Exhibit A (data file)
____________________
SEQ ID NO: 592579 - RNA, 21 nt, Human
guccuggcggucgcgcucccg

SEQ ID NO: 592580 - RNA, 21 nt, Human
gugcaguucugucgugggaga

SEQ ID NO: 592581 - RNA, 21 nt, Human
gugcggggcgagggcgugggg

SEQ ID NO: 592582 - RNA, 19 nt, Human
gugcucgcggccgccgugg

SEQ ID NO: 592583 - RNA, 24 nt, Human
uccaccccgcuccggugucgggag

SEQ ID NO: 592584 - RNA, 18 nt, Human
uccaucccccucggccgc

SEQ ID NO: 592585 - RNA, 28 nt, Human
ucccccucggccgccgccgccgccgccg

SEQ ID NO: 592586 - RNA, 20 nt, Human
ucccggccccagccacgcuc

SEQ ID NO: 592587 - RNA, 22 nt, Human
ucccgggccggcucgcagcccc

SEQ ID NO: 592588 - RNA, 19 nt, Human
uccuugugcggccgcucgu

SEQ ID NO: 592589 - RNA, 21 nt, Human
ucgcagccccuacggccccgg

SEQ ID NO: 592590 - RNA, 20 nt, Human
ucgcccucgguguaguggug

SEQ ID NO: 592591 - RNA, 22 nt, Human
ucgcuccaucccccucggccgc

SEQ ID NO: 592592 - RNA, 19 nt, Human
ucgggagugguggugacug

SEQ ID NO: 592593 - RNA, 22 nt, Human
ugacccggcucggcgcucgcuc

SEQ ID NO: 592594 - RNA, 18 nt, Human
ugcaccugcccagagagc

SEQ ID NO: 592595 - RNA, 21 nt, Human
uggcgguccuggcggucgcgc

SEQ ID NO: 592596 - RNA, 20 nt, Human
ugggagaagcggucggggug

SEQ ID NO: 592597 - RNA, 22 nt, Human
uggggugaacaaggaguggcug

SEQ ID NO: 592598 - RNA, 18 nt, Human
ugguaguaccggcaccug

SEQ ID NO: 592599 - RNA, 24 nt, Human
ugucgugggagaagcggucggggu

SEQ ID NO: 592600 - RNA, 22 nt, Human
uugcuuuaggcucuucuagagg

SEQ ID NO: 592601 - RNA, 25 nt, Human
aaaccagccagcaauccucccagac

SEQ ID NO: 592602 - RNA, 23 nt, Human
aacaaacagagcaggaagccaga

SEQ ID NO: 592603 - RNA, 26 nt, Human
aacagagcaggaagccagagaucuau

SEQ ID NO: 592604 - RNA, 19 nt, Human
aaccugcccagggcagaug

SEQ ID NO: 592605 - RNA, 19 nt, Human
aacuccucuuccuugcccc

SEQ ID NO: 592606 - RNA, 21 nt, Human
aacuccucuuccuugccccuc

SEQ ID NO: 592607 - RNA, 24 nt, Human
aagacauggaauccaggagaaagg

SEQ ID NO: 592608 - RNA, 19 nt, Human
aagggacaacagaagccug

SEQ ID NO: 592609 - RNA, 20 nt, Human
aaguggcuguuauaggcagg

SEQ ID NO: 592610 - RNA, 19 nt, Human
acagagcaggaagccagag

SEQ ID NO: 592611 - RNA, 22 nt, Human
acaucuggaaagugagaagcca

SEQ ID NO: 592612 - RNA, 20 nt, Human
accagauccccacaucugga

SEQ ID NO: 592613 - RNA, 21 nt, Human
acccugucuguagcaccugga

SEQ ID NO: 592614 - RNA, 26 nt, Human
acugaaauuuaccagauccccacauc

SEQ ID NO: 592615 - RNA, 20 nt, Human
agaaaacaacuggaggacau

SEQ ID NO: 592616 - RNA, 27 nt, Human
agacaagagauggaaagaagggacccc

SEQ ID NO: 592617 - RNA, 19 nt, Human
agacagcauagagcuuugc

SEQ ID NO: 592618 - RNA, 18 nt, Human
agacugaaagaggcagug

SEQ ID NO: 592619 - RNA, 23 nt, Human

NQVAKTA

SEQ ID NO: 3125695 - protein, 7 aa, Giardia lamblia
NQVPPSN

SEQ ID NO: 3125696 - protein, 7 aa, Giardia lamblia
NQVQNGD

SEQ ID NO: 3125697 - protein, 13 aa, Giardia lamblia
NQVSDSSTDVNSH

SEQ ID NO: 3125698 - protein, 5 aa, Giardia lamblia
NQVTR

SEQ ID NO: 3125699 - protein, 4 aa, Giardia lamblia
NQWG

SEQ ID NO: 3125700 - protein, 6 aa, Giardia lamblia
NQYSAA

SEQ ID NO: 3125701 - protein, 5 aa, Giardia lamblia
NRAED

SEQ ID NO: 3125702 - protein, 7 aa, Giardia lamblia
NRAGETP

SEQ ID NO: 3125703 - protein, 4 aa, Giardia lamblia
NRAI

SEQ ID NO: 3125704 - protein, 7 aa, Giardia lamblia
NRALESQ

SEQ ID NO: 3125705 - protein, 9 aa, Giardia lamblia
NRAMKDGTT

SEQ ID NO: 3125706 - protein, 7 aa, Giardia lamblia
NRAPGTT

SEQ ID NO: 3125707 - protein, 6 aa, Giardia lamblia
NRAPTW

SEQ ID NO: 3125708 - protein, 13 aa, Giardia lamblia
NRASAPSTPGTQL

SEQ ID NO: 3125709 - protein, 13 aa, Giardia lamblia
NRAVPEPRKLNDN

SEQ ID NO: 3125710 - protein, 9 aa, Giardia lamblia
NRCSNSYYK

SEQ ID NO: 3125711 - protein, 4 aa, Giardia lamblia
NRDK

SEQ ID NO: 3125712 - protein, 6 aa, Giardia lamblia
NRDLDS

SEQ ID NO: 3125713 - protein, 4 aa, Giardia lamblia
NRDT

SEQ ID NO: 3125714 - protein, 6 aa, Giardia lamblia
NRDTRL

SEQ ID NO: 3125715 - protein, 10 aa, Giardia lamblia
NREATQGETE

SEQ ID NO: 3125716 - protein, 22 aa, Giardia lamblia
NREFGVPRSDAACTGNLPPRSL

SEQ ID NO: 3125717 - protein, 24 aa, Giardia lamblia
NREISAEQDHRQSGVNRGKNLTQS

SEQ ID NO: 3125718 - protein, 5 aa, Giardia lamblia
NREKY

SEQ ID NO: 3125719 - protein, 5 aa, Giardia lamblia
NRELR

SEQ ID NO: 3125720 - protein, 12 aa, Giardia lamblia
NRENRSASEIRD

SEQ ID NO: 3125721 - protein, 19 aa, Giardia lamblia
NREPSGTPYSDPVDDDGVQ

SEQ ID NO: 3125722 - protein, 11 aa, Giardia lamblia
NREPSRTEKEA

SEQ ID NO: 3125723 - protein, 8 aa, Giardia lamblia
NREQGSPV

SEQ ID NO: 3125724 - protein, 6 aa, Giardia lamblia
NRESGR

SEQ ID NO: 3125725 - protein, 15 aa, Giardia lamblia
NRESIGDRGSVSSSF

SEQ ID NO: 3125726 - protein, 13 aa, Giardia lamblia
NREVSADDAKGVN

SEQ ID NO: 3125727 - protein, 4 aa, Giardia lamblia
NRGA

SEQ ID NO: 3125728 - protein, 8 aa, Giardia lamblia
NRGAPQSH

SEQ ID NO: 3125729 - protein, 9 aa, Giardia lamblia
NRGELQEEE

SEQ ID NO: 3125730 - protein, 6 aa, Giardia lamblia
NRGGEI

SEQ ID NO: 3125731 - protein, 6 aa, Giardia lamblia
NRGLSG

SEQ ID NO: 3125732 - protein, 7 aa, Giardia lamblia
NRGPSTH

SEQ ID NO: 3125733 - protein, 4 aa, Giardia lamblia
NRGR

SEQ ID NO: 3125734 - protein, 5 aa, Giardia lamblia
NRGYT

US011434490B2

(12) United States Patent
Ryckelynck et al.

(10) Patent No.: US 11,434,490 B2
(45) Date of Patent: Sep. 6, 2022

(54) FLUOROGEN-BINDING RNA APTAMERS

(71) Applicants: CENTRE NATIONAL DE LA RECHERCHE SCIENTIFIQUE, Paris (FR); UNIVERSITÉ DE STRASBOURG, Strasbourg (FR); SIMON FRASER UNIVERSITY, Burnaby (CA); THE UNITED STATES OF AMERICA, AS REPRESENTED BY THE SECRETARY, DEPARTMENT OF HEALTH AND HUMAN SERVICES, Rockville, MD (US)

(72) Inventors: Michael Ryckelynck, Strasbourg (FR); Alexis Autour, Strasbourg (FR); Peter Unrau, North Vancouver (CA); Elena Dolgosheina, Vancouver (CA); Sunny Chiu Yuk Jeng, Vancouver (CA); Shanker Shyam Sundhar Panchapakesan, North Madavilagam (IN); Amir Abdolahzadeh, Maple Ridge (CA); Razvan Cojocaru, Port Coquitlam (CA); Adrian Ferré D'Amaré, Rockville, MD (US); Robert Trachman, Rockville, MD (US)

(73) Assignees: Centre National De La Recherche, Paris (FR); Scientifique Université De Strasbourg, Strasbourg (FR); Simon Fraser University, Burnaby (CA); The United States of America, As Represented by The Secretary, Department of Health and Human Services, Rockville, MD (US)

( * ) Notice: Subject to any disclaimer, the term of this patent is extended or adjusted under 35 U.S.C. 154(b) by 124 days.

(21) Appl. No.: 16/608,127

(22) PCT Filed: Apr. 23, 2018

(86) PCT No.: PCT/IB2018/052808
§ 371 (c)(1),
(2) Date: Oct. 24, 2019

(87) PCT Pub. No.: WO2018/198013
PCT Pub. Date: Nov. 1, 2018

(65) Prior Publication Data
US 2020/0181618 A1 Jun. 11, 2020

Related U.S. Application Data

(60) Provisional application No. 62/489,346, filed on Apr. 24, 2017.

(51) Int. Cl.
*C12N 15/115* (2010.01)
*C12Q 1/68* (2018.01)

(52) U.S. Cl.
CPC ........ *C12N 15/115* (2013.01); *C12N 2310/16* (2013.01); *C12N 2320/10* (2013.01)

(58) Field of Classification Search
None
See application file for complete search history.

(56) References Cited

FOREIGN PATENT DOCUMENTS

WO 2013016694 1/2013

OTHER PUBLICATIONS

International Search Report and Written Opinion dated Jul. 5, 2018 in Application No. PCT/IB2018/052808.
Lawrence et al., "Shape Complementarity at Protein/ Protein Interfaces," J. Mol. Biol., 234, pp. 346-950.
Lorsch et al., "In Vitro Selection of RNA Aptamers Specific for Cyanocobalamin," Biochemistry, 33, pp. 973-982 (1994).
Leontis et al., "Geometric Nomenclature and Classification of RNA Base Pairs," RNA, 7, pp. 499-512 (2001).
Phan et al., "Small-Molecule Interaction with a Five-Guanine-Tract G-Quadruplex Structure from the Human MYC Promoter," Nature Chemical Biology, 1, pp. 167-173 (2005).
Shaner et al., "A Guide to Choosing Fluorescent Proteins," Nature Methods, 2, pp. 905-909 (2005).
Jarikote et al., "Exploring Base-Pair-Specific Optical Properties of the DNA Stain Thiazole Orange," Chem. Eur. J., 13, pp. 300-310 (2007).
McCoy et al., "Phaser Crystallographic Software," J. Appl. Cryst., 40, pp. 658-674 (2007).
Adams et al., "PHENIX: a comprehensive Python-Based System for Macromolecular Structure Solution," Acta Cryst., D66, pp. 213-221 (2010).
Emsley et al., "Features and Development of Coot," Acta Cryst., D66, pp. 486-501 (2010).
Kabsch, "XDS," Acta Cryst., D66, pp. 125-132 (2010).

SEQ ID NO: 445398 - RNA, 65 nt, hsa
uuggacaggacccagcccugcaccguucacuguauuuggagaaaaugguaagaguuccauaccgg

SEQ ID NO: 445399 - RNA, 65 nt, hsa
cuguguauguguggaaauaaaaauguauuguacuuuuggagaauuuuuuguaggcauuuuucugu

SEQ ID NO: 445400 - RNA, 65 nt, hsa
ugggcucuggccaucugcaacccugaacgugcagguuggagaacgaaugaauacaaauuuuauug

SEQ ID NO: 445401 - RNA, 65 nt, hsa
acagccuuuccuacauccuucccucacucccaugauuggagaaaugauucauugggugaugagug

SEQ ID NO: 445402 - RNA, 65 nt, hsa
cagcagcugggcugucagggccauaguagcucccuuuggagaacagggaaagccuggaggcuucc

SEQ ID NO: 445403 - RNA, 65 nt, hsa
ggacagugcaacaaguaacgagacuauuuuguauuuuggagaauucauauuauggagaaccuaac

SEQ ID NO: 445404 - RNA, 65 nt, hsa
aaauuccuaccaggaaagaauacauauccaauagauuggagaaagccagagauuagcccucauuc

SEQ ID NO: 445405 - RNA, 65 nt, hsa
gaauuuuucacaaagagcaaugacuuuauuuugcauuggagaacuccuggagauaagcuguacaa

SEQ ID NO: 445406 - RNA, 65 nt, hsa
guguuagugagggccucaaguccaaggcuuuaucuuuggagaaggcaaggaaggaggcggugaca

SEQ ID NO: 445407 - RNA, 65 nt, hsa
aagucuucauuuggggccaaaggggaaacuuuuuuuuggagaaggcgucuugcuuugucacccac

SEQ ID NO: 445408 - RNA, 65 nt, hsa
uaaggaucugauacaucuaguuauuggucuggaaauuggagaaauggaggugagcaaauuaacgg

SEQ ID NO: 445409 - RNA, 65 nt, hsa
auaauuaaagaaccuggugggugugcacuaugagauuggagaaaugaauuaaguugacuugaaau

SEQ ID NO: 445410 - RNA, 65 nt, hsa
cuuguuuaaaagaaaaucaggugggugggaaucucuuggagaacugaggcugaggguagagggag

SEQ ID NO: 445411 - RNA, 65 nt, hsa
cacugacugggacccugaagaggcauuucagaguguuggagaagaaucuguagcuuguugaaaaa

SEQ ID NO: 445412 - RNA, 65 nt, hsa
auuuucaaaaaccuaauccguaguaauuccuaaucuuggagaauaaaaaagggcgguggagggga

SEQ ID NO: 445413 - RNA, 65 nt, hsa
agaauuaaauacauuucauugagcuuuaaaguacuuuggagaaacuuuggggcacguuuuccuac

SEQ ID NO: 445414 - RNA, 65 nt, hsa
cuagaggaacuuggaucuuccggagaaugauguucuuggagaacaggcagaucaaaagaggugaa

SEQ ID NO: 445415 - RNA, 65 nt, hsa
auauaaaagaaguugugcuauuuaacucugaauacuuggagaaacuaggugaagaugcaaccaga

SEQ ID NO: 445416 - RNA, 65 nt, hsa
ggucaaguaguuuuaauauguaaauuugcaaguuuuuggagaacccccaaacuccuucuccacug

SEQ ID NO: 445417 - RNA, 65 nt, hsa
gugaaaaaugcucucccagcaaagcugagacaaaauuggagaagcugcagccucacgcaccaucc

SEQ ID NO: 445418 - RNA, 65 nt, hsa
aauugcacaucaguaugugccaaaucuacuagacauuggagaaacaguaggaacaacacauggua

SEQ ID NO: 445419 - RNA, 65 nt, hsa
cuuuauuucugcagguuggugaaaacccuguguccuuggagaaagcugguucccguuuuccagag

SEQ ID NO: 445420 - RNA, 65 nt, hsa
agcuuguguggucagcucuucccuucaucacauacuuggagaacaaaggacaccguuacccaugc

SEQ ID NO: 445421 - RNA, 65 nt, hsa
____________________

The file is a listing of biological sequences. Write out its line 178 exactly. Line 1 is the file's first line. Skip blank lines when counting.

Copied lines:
(87) PCT Pub. No.: WO2018/198013